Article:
|She could not see his face clearly.
hours, all those people started kicking the bucket. Oops. The
killer considered her cocktail napkin to be a license to kill.
Interestingly, this is the same way James Bond started. Some lady in a
bar was pissed off at Blofeld and Goldfinger, and you know the rest.
||Both incidents are based upon an
actual point of international law, which makes cocktail napkins
acceptable binding contracts in the World Court, where they even
supersede the evidentiary value of a deathbed confession. Plain
napkins are binding contracts, but napkins with graphics and cutesy
bar names like "Hanker's Aweigh" also provide the possessor
with full binding legal authority for otherwise illegal acts.
There was a surprise ending. The
killer here would have gotten off scot-free, but he accidentally used
a plain napkin instead of the ones imprinted by the bar.
(1999) came and went pretty much without notice. The two reviews
linked at IMDB aren't even there. One of the two who commented
at IMDB liked the titles, but had little use for any other
aspect of the film. That was the positive review of the two.
IMDb readers have it at 4.5 of 10 based on 58 votes. That is
probably all you really need to know about this one, but for the
ones who are still reading ...
Anna (Roos) has not had a good week. Her creep of a magazine
owner boss grabbed her ass, the grocery clerk was a total jerk,
her best friend made light of her problems with the boss, her
husband was much more interested in the equipment on the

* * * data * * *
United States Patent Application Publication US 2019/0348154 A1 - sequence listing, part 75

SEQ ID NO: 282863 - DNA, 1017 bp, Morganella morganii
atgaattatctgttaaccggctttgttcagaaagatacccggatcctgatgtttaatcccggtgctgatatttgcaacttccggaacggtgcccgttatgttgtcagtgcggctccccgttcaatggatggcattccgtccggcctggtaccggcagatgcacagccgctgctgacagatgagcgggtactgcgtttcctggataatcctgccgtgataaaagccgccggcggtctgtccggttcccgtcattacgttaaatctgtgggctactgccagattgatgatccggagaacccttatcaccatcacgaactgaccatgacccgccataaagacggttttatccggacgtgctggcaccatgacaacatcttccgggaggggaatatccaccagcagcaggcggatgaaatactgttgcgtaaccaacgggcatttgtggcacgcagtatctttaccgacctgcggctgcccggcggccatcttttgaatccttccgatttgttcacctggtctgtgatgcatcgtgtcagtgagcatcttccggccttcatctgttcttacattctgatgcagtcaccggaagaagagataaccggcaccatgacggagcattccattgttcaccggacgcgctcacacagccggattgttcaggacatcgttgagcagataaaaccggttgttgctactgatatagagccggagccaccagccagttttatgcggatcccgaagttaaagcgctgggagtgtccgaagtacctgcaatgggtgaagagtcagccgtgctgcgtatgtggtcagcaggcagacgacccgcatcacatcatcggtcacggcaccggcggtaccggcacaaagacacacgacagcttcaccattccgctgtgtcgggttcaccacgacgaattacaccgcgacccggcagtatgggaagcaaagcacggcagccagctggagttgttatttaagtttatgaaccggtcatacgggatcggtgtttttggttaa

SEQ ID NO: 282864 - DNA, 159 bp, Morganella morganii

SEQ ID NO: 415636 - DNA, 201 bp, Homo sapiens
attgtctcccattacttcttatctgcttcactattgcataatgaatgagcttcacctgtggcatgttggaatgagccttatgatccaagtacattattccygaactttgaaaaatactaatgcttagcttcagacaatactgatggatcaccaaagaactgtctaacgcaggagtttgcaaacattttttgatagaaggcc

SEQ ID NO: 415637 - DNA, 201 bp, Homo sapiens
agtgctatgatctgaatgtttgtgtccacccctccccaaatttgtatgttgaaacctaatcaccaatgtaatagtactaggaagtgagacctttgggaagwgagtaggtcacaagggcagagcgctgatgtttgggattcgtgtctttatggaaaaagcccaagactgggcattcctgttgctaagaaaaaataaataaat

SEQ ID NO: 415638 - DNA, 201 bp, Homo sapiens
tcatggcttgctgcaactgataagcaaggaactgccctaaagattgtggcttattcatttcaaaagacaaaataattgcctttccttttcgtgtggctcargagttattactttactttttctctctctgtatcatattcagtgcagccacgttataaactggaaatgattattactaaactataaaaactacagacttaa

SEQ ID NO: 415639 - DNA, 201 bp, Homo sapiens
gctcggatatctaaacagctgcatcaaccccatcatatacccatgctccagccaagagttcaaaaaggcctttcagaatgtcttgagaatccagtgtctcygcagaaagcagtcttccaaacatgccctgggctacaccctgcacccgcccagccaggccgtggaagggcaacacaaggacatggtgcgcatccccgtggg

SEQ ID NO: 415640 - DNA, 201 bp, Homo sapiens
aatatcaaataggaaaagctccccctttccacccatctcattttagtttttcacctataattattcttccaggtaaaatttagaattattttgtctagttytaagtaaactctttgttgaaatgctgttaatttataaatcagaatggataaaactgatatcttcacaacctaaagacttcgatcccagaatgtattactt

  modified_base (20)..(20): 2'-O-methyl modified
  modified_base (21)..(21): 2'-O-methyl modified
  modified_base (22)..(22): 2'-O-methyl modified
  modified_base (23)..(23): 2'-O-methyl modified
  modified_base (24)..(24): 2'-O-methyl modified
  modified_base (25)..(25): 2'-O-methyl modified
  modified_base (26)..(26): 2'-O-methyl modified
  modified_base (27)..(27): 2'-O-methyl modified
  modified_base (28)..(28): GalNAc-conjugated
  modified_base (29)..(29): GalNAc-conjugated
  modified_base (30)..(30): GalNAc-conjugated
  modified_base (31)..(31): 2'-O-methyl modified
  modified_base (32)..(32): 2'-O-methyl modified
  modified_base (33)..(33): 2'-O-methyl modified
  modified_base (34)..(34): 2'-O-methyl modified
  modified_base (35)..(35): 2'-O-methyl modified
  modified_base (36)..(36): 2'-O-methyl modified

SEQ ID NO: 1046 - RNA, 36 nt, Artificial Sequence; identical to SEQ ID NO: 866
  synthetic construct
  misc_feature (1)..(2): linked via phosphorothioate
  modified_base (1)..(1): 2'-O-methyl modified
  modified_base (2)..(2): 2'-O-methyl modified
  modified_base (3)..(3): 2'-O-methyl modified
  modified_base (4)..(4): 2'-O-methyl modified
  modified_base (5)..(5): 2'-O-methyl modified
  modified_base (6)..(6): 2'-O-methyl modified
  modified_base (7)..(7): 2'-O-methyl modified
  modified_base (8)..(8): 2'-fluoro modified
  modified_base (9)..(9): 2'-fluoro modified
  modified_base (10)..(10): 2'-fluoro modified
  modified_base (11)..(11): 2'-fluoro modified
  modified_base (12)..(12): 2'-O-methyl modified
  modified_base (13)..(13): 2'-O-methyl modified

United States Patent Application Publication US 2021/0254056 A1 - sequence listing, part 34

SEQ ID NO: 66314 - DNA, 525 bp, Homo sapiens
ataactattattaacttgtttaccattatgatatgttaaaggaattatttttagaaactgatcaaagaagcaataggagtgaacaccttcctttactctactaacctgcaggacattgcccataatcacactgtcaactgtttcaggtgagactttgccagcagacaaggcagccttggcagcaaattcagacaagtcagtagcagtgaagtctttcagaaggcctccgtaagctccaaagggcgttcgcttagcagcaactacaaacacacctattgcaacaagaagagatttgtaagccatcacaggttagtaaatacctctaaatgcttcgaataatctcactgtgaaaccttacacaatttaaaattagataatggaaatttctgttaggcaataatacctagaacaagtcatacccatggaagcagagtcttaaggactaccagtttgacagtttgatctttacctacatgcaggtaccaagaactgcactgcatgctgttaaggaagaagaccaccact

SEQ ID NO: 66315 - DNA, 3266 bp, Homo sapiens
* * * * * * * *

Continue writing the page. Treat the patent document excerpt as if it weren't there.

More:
waitress than in her story, and they came home to find their
baby sitter tangled up with her boy friend on the sofa. Anna
retreats to the local bar, which, we learn, has been a too
frequent occurrence, and pours her heart out to a kind stranger.
He takes notes, has her sign them, then agrees to fix
everything. Next day, her boss is murdered. Anna has no inkling
why, and even the death of the store clerk isn't enough to send
her to the police. When the babysitter is killed, she catches
on, and the list is now down to people she actually likes.
Time to stop here in case some misguided few of you elect to see
this, but I have never seen a more obvious red herring start to
finish, a less likely killer, or a lamer final twist. And to top
it off, they make no attempt at all to explain. Roos is worth
seeing naked, but maybe watching this film is too high a price
to pay. And as to the snazzy and touted MTV-style titles, I
didn't care for them.
guideline: 7.5 usually indicates a level of
excellence, about like three and a half stars
from the critics. 6.0 usually indicates lukewarm
watchability, about like two and a half stars
from the critics. The fives are generally not
worthwhile unless they are really your kind of
material, about like two stars from the critics.
Films under five are generally awful even if you
like that kind of film, equivalent to about one
and a half stars from the critics or less,
depending on just how far below five the rating
guideline: A means the movie is so good it
will appeal to you even if you hate the genre. B means the movie is not
good enough to win you over if you hate the
genre, but is good enough to do so if you have an
open mind about this type of film. C means it will only
appeal to genre addicts, and has no crossover
appeal. D means you'll hate it even if you
like the genre. E means that you'll hate it even if
you love the genre. F means that the film is not only
unappealing across-the-board, but technically
inept as well. G means that it is a Jeff Fahey movie.
Based on this
description, this film is a G.